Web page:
Next up, Theodosia. She is the tiniest, but she is mighty. When the pups first arrived, she was clearly the runt. Mom Schulyer only has eight teats and there are nine puppies, so it was easy to figure out who wasn’t getting her share. But once the dog food started happening, she began to fill out and gain energy day by day. And now she doesn’t let her short stature hold her back. When the other puppies crowd her out, she simply jumps on top of them and crowd surfs her way to me. Determined, this one.
Hercules Mulligan is Ian’s favorite and is the spitting image of his mother. He has the same markings – white slash on the back of his neck, white bib, white mittens on each paw. He is the largest puppy, too, with fur that is soft and fluffy, a little longer than the rest. He’s a solid guy – holds his own, but is never pushy. And wow, those eyes – he’s a heartbreaker, for sure.
John Laurens is the fourth boy in the bunch. He’s all black except a faint sliver of white running up his chest. He loves me most. Even when the other puppies have given up and realize I’ve not come in the room to see them, but to water the plants and tinker with new seeds (my baby plant operation shares the room), he does not waver. He holds his post, watching my every move, waiting for me to cave. Which I always do. He’s a wonderful teddy bear and gives the best snuggles. He will make a great best friend.
Who’s left? Oh, how could I possible forget Angelica? She would never allow it. She is very good at finding her way to the front of the line. She is the most vocal pup with sad, pleading eyes that are pretty much irresistible. And that pink nose? Crazy cute. Angelica is on the larger size for the girls. She’s fun and friendly and well-liked in the puppy pen. I’d give her Most Likely to Succeed in the yearbook.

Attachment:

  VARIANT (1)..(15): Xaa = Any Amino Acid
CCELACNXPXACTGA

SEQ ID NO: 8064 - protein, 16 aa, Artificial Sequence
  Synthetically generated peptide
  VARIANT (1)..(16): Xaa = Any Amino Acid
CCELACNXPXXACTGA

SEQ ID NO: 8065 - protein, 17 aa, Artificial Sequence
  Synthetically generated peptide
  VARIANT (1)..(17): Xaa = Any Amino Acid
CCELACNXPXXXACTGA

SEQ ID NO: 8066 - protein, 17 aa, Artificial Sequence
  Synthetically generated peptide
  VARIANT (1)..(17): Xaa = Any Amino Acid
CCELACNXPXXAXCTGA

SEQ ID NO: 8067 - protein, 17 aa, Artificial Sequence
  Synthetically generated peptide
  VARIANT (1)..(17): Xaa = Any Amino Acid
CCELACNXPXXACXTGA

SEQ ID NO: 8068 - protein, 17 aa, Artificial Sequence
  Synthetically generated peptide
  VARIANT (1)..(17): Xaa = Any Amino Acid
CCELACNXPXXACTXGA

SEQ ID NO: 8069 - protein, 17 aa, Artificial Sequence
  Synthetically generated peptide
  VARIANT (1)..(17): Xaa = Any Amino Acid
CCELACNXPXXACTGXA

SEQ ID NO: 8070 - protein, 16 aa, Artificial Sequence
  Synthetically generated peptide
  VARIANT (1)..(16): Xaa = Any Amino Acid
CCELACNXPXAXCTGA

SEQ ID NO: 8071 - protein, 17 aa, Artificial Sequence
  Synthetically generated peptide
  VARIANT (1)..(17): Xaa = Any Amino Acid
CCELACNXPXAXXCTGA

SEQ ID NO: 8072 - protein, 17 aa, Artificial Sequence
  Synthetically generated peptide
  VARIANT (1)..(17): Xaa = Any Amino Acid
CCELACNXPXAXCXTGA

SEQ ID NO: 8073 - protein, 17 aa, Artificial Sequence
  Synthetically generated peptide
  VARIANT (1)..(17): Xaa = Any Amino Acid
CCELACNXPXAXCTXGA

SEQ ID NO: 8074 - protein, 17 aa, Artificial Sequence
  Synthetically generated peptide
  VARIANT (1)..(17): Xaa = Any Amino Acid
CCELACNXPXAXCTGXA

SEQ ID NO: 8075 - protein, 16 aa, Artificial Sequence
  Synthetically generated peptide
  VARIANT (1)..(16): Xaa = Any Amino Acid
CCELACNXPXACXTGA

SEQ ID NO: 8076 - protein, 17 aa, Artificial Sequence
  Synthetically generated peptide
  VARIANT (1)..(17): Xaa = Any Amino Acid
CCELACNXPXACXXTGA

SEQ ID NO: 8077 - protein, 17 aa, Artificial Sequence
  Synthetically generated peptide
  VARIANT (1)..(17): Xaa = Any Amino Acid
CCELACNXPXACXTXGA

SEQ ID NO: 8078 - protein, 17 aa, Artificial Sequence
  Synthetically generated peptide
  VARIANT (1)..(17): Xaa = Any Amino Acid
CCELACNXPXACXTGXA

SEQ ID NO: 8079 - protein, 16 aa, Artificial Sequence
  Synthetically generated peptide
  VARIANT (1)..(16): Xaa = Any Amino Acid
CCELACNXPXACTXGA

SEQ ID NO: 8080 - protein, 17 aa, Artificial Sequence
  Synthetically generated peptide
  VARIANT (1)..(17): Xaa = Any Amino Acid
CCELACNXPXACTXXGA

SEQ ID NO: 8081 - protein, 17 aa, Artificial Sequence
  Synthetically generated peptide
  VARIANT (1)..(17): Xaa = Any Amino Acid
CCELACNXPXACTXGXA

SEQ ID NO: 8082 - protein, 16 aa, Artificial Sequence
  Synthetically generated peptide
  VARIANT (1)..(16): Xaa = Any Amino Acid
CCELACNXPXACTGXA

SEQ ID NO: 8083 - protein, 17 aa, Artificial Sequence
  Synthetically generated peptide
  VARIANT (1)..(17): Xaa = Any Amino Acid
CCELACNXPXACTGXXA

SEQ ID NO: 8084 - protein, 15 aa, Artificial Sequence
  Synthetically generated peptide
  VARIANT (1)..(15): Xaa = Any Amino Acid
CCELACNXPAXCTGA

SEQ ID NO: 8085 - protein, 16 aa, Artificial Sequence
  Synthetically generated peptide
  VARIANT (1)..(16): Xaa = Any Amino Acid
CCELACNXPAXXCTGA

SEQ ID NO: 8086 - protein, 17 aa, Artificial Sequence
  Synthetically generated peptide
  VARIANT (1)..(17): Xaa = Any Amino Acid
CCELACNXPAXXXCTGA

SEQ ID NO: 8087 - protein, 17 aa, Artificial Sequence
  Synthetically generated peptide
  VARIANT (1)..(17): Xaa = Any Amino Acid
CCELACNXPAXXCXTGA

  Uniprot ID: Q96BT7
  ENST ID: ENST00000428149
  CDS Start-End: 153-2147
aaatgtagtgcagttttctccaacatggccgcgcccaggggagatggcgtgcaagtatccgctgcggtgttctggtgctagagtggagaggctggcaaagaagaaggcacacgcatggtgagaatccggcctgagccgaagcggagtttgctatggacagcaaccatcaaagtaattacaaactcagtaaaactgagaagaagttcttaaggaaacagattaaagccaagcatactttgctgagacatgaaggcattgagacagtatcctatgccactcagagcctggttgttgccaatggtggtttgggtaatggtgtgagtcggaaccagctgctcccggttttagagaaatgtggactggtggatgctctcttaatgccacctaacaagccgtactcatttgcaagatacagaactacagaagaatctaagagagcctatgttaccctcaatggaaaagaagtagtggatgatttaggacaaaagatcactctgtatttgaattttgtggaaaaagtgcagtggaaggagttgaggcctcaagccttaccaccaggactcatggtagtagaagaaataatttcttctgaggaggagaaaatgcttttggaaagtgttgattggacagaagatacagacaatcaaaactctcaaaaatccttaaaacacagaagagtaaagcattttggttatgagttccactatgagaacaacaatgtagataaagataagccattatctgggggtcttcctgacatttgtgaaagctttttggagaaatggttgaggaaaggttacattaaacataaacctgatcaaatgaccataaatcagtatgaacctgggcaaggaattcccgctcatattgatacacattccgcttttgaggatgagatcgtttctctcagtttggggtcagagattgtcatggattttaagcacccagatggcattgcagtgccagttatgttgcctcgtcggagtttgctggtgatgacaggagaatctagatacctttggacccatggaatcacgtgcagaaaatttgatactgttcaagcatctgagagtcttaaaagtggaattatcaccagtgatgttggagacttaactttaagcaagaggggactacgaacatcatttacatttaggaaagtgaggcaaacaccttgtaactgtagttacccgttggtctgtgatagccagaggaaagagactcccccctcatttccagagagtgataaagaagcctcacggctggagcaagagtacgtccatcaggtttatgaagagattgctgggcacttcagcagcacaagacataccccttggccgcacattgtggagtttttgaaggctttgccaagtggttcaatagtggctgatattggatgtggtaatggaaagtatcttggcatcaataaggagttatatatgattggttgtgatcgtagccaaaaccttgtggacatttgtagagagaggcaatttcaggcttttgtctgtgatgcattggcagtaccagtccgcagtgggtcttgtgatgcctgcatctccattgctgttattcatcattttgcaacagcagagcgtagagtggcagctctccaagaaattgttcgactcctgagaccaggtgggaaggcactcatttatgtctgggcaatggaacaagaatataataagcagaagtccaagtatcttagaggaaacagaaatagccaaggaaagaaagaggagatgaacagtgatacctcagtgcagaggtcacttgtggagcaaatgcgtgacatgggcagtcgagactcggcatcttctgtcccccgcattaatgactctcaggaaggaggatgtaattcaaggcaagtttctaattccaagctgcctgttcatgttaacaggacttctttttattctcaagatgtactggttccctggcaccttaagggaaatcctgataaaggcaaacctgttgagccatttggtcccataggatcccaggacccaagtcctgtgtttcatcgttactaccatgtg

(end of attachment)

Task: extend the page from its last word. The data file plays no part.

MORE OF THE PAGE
Maria (pronounced Mariah) is my puppy. If I was keeping a puppy. Which I am not. She has the short, short hair of a hound dog and beautiful markings. One brown sock and one white sock in front, plus a crooked stripe up her face. She will be a gorgeous dog, no two ways about it. She is solidly built, too, weighing in as the heaviest pup, although Hercules stands taller. She is not a pushy girl, but holds her own wrestling with the boys (and Theo).
And last, always, is Peggy. She is a sweet, sweet soul. She is not an over-the-top puppy, but she is paying attention. Her curious face is always watching the doings of the other pups. She and Alex have a special bond and wrestle, play, and snuggle together frequently. Set up against him, she seems tiny and she is indeed the next to smallest pup after Theo, whom she resembles in coloring. They both look like their dad. I’ll track down his picture soon and share it on the blog for those of you thinking seriously about adopting one of these babes.
Here’s the bottom line in picking one of these puppies, or any puppy – the kind of dog you end up with is 90% on you. Take this commitment seriously. These precious babes deserve that much. If you’re serious and want to know how to adopt these loves (or another good dog who needs a forever home) – click here.